Safe space for refugees: Gov. Gavin Newsom and legislative leaders have requested $16.7 million in state money to help resettle Afghan refugees, reports The Associated Press.
An unsung pit crew: Casino workers who stayed behind while others fled the Caldor fire are now feeding and refueling thousands of firefighters arriving to battle a blaze the size of Dallas.
Caldor fire: The fire that has burned more than 200,000 acres can be seen from space. View images on Space.com.
Tenant rights: A San Francisco couple have been awarded $2.7 million after their landlord tried to oust them in favor of higher-paying tenants, The San Francisco Chronicle reports.
Recall heats up: The outcome of the state’s upcoming election could be decided by voters in the Central Valley who are exhausted by the prospect of choosing a candidate, The Guardian reports.
Farmworker shortage: Crew sizes in California’s vineyards are down as much as 40 percent this year, a challenge that ranks ahead of the drought, The Bakersfield Californian reports.
New coronavirus variant: The World Health Organization is monitoring a new coronavirus variant known as Mu. In Los Angeles County, at least 167 people have been infected with the variant, according to The Los Angeles Times.
Outdoor dining debate: Orange County City Council members are starting to discuss the future of outdoor dining programs created during the pandemic and are debating whether cities should sacrifice public resources for the benefit of private businesses, Voice of OC reports.
What we’re eating
Thirteen delicious, original ways to eat eggs for dinner.
Where we’re traveling
Today’s travel tip comes from Arin Kramer, who recommends an adventure in Marin County:
The perfect day: Take the whole family biking on the paved shady Cross Marin Trail through the redwoods of Samuel P. Taylor State Park, along Lagunitas Creek. You can bike all the way to the Inkwells swimming hole on a hot day. Afterwards, stop at the Marin Community Farms Stand.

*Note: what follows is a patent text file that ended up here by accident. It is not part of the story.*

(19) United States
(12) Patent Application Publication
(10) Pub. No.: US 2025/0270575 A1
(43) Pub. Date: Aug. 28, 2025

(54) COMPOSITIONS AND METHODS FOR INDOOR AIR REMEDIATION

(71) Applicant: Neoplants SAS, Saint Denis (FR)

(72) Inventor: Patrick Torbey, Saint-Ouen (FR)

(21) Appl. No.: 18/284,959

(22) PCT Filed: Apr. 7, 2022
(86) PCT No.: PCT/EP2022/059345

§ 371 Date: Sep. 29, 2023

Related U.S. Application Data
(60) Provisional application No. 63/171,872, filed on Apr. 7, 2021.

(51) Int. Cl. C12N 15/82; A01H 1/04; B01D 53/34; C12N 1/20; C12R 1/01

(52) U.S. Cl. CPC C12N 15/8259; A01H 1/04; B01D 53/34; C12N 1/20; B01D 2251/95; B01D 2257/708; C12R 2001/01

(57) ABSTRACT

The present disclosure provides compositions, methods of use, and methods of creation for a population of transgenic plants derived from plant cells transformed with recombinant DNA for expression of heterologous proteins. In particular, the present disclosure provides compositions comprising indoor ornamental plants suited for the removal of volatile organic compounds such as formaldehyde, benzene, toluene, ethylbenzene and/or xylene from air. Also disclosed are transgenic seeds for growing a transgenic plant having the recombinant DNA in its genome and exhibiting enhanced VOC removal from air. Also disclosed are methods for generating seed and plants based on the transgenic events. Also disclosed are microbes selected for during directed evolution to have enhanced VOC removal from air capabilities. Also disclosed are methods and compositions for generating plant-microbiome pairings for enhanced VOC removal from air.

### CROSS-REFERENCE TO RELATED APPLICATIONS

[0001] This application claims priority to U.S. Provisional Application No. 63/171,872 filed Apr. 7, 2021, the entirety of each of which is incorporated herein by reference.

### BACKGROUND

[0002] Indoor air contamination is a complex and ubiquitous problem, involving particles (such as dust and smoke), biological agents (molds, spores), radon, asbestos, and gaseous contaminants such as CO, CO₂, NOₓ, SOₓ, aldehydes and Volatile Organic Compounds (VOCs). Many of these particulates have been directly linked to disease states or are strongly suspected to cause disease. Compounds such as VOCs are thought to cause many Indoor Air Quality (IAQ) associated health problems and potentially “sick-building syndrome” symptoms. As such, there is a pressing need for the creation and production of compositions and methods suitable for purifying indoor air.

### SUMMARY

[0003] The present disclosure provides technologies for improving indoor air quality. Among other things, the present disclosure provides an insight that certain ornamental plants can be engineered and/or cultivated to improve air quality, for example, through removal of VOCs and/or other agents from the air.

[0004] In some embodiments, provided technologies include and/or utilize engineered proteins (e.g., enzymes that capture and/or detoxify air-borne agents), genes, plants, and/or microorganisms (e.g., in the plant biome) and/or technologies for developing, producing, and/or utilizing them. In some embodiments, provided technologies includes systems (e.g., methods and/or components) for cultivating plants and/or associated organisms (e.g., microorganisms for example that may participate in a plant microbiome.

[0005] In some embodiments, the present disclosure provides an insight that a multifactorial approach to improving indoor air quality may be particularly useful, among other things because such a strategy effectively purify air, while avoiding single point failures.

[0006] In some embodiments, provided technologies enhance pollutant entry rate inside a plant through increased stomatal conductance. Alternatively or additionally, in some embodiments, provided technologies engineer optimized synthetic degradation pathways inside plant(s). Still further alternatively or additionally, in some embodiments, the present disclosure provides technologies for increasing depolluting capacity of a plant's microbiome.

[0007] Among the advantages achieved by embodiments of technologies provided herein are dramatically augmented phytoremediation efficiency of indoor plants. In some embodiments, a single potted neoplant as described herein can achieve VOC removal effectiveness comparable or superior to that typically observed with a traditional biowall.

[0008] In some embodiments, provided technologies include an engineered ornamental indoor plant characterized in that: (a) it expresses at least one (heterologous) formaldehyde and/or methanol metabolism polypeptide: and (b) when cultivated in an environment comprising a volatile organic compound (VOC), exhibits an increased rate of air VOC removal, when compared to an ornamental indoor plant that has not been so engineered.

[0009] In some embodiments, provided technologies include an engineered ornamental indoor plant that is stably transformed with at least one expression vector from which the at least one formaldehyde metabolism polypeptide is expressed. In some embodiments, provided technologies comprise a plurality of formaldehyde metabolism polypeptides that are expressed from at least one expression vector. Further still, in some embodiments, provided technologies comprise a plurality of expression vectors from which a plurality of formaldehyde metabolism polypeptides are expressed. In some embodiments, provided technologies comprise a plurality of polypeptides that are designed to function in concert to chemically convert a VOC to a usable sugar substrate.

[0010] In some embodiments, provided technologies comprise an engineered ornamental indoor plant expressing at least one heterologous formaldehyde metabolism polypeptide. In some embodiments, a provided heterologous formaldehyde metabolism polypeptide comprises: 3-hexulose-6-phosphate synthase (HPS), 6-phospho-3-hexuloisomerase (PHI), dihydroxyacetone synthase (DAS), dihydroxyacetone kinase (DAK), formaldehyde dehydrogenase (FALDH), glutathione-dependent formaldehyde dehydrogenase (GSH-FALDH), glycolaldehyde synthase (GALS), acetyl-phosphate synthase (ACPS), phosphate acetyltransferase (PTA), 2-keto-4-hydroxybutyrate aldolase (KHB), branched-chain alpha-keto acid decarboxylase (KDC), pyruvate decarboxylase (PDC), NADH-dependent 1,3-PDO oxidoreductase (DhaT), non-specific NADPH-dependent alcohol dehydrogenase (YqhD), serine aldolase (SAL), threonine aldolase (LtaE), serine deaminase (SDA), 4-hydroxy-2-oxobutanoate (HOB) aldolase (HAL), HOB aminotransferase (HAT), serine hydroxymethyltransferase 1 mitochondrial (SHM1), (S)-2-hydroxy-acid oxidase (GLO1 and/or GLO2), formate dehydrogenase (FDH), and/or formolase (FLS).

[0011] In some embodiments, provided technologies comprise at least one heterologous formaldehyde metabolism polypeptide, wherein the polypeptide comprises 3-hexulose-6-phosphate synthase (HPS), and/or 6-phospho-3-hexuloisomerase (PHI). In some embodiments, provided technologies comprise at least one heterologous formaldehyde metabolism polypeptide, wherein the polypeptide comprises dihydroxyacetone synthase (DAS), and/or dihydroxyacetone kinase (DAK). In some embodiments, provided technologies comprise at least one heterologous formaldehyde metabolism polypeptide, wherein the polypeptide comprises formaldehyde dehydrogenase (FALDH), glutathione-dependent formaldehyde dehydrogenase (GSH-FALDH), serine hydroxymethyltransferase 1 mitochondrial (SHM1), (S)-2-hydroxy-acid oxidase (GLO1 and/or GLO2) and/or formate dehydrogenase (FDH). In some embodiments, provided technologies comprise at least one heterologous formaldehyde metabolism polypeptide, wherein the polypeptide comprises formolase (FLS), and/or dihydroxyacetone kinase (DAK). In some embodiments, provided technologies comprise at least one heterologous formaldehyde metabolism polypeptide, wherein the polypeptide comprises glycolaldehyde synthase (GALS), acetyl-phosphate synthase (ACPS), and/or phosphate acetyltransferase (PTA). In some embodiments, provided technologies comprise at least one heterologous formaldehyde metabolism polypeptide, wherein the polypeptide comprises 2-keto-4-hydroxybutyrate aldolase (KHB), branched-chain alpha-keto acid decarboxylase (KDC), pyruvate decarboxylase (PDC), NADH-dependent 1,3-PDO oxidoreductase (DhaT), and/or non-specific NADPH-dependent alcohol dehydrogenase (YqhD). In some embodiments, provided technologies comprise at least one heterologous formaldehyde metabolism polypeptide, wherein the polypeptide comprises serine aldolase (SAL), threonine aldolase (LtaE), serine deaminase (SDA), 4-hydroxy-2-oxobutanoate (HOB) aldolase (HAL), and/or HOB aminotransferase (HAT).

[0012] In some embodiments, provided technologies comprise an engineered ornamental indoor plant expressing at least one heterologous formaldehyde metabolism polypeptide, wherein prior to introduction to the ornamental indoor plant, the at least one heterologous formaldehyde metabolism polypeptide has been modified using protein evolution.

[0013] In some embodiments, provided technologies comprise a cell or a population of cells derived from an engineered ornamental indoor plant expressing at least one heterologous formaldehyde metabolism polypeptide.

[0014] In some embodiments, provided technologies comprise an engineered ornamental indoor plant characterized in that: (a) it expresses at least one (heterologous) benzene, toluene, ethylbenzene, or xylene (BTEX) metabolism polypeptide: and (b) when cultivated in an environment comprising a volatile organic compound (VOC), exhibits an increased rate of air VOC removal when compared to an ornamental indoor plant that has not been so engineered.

Your recall questions answered
When is the recall election?
Officially, the recall election is on Sept. 14. But because it is happening under an extension of pandemic rules that were created during the 2020 presidential election, that’s really more of a deadline than it is an Election Day in a more traditional sense.
Ballots returned by mail must be postmarked by Sept. 14. (You don’t need to add a stamp; you should have a return envelope.) Voters can also return their ballots to a secure drop box by Sept. 14 at 8 p.m. (Look up the ones closest to you here.)
Finally, voters can cast ballots in person — and in many places early voting is available. (You can find early voting locations here.)
Tell us what else you want to know about the recall. Email your questions to CAtoday@nytimes.com.
And before you go, some good news
An Oakland Brewery is now showcasing the irresistible faces of cats and dogs on its IPAs.
Ale Industries has partnered with the East Bay Society for the Prevention of Cruelty to Animals to put photos of adoptable fur babies on beer cans to try to encourage people to take the pets home, reports SFist.
Thanks for reading. I’ll be back tomorrow. — Soumya
P.S. Here’s today’s Mini Crossword, and a clue: Chloe who directed “Nomadland” (4 letters).
Miles McKinley and Briana Scalia contributed to California Today. You can reach the team at CAtoday@nytimes.com.